The intuitive insight that would save Chrysler in the 1990s came to Bob Lutz, then the company’s president, during a weekend drive. On a warm day in 1988, Lutz took his Cobra roadster for a spin. As he raced along the roads in southeastern Michigan, he tried to relax, pushing aside what critics had been saying about Chrysler—that the company was brain-dead, technologically dated, and uninspired and that it lagged dangerously behind not only the Japanese auto-makers but also General Motors and Ford.by Alden M. Hayashi, senior editor at HBR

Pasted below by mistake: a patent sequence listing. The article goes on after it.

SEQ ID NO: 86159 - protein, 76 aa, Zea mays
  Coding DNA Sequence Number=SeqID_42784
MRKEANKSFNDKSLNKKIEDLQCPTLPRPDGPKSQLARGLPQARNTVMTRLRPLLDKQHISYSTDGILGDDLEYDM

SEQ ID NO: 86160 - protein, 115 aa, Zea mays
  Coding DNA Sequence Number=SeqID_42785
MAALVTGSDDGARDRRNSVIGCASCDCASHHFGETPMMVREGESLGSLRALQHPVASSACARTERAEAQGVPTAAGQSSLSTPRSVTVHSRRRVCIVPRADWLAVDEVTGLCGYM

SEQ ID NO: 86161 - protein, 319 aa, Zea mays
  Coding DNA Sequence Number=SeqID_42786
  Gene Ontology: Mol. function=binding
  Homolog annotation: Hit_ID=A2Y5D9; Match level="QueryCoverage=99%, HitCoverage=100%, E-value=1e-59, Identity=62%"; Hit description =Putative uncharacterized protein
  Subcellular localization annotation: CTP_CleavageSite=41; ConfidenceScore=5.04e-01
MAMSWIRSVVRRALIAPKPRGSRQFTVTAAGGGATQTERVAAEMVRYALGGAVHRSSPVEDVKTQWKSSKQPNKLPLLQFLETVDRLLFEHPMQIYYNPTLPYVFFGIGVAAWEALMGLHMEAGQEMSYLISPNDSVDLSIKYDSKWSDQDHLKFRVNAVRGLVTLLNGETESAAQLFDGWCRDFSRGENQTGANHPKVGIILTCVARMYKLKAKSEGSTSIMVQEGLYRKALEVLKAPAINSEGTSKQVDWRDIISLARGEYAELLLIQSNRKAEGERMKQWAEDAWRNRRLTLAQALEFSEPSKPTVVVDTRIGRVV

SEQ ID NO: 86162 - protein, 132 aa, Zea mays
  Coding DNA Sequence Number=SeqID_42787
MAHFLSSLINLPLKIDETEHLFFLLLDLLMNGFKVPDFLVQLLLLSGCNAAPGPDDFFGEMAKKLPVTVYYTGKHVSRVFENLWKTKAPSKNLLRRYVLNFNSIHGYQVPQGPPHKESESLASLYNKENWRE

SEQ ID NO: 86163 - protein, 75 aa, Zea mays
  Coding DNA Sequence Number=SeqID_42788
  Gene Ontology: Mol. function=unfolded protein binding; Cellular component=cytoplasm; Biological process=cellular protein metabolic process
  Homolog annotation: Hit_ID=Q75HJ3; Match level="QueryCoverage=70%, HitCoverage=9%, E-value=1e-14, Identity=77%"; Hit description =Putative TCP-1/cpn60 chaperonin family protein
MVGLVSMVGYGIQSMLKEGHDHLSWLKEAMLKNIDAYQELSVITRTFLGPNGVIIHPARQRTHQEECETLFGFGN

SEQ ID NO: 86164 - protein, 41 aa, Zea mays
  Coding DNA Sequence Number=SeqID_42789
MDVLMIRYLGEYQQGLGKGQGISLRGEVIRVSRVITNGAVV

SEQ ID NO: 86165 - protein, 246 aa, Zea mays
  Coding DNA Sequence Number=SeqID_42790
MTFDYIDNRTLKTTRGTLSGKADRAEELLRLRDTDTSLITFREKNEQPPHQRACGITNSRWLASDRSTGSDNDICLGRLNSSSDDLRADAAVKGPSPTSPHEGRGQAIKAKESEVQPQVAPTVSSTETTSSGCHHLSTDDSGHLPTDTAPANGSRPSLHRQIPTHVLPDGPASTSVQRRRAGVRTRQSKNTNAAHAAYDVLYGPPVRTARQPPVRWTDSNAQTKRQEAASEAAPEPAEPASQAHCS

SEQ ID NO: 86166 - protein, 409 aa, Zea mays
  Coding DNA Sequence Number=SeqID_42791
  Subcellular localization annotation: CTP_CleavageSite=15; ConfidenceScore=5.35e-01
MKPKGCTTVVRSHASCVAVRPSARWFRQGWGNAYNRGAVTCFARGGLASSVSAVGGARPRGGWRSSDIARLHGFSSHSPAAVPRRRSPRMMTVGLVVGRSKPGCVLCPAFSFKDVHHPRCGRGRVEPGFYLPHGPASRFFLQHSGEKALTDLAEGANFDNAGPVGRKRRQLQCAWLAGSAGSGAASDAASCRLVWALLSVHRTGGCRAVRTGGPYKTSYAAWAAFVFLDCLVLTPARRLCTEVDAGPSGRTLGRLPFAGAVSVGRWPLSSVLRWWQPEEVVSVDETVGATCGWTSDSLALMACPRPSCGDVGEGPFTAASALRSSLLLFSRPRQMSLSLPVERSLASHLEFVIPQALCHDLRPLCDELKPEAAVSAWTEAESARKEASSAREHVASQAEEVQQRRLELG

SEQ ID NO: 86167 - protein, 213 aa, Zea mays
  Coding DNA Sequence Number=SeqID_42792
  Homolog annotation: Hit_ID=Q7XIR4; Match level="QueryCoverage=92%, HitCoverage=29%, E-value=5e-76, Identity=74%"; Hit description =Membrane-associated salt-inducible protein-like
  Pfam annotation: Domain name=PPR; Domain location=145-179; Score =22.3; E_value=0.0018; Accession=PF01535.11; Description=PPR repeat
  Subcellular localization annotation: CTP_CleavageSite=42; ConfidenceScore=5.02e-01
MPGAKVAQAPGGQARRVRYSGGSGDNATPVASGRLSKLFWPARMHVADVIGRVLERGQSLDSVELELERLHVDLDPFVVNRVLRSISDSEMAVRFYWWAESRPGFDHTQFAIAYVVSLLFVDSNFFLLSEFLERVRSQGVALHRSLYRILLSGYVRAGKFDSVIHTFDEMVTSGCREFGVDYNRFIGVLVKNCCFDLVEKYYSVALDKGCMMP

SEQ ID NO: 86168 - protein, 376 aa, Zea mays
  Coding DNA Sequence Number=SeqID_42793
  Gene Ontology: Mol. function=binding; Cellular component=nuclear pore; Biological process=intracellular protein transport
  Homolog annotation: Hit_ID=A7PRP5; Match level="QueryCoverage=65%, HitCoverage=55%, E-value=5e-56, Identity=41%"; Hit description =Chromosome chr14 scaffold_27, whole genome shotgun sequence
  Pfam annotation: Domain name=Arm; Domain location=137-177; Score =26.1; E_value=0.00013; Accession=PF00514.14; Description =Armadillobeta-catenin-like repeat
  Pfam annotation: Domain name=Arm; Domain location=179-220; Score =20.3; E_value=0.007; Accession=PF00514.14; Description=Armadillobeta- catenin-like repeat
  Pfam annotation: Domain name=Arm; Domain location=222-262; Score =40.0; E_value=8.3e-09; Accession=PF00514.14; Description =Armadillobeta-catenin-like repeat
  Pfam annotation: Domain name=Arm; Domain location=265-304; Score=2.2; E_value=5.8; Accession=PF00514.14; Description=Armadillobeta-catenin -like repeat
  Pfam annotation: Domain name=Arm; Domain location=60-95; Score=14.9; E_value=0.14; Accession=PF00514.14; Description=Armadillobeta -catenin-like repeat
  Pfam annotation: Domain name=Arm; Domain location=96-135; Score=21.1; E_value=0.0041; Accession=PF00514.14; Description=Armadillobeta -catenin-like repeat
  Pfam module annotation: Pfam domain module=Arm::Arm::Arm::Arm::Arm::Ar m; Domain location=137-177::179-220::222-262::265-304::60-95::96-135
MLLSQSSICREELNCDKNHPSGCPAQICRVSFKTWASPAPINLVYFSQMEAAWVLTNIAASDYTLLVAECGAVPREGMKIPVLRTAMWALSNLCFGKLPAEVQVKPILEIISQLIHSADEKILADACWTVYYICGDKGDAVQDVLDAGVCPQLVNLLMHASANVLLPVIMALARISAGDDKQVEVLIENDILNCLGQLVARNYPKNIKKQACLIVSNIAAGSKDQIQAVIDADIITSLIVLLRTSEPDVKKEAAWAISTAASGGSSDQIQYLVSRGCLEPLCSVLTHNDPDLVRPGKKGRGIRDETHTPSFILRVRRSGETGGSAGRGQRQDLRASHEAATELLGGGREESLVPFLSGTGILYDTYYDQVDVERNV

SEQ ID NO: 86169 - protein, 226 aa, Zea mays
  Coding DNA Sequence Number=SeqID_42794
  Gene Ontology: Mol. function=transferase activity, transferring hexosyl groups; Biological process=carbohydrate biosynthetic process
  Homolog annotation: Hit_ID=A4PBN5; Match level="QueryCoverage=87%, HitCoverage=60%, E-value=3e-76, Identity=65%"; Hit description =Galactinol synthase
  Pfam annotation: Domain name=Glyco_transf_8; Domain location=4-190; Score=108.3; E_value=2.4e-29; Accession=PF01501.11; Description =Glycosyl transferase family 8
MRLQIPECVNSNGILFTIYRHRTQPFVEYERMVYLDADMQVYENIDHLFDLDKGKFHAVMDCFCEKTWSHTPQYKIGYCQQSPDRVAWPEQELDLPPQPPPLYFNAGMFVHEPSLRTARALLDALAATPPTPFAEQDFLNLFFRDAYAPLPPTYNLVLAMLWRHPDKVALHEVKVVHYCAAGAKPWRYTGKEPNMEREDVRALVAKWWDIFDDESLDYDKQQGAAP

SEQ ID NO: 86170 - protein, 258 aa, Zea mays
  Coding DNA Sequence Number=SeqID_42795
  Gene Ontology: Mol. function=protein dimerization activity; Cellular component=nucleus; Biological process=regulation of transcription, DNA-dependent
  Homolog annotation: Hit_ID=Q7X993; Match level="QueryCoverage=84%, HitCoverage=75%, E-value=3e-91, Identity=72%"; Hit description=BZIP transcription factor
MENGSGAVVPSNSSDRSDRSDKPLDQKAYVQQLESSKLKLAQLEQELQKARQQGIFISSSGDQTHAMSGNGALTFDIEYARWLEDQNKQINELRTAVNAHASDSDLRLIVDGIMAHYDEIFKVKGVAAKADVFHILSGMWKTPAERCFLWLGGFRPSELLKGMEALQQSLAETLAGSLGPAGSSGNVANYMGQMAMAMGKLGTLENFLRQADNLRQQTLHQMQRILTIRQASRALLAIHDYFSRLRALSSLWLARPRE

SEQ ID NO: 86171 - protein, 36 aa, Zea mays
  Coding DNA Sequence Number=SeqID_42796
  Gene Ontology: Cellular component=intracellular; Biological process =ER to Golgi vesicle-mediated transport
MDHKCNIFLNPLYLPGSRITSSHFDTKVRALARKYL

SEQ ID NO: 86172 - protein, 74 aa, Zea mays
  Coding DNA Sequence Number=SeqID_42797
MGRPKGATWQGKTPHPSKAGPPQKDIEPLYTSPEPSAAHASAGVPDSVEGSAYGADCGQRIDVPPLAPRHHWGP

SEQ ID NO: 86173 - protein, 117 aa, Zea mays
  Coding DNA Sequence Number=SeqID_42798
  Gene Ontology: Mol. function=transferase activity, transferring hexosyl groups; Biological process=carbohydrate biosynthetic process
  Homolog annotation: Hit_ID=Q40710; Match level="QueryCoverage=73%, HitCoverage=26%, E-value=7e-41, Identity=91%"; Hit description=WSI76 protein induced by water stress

Ironically, Lutz found it difficult to enjoy himself precisely because he was finding the drive so pleasurable. “I felt guilty: there I was, the president of Chrysler, driving this great car that had such a strong Ford association, ”he says, referring to the original Cobra’s Ford V-8 engine. In fact, Lutz’s strong sense of corporate loyalty had earlier led him to remove the “Powered by Ford” plaques from his car. Still, the guilt needled him, and on this drive he began wondering about replacing the Cobra’s engine with one from Chrysler. Perhaps then he could enjoy his beloved sports car in peace. But he quickly realized that Chrysler did not have a V-8 engine that was up to snuff. If he made the switch, the car would lose considerable performance. “Chrysler was way, way, way behind,” he remembers admitting to himself.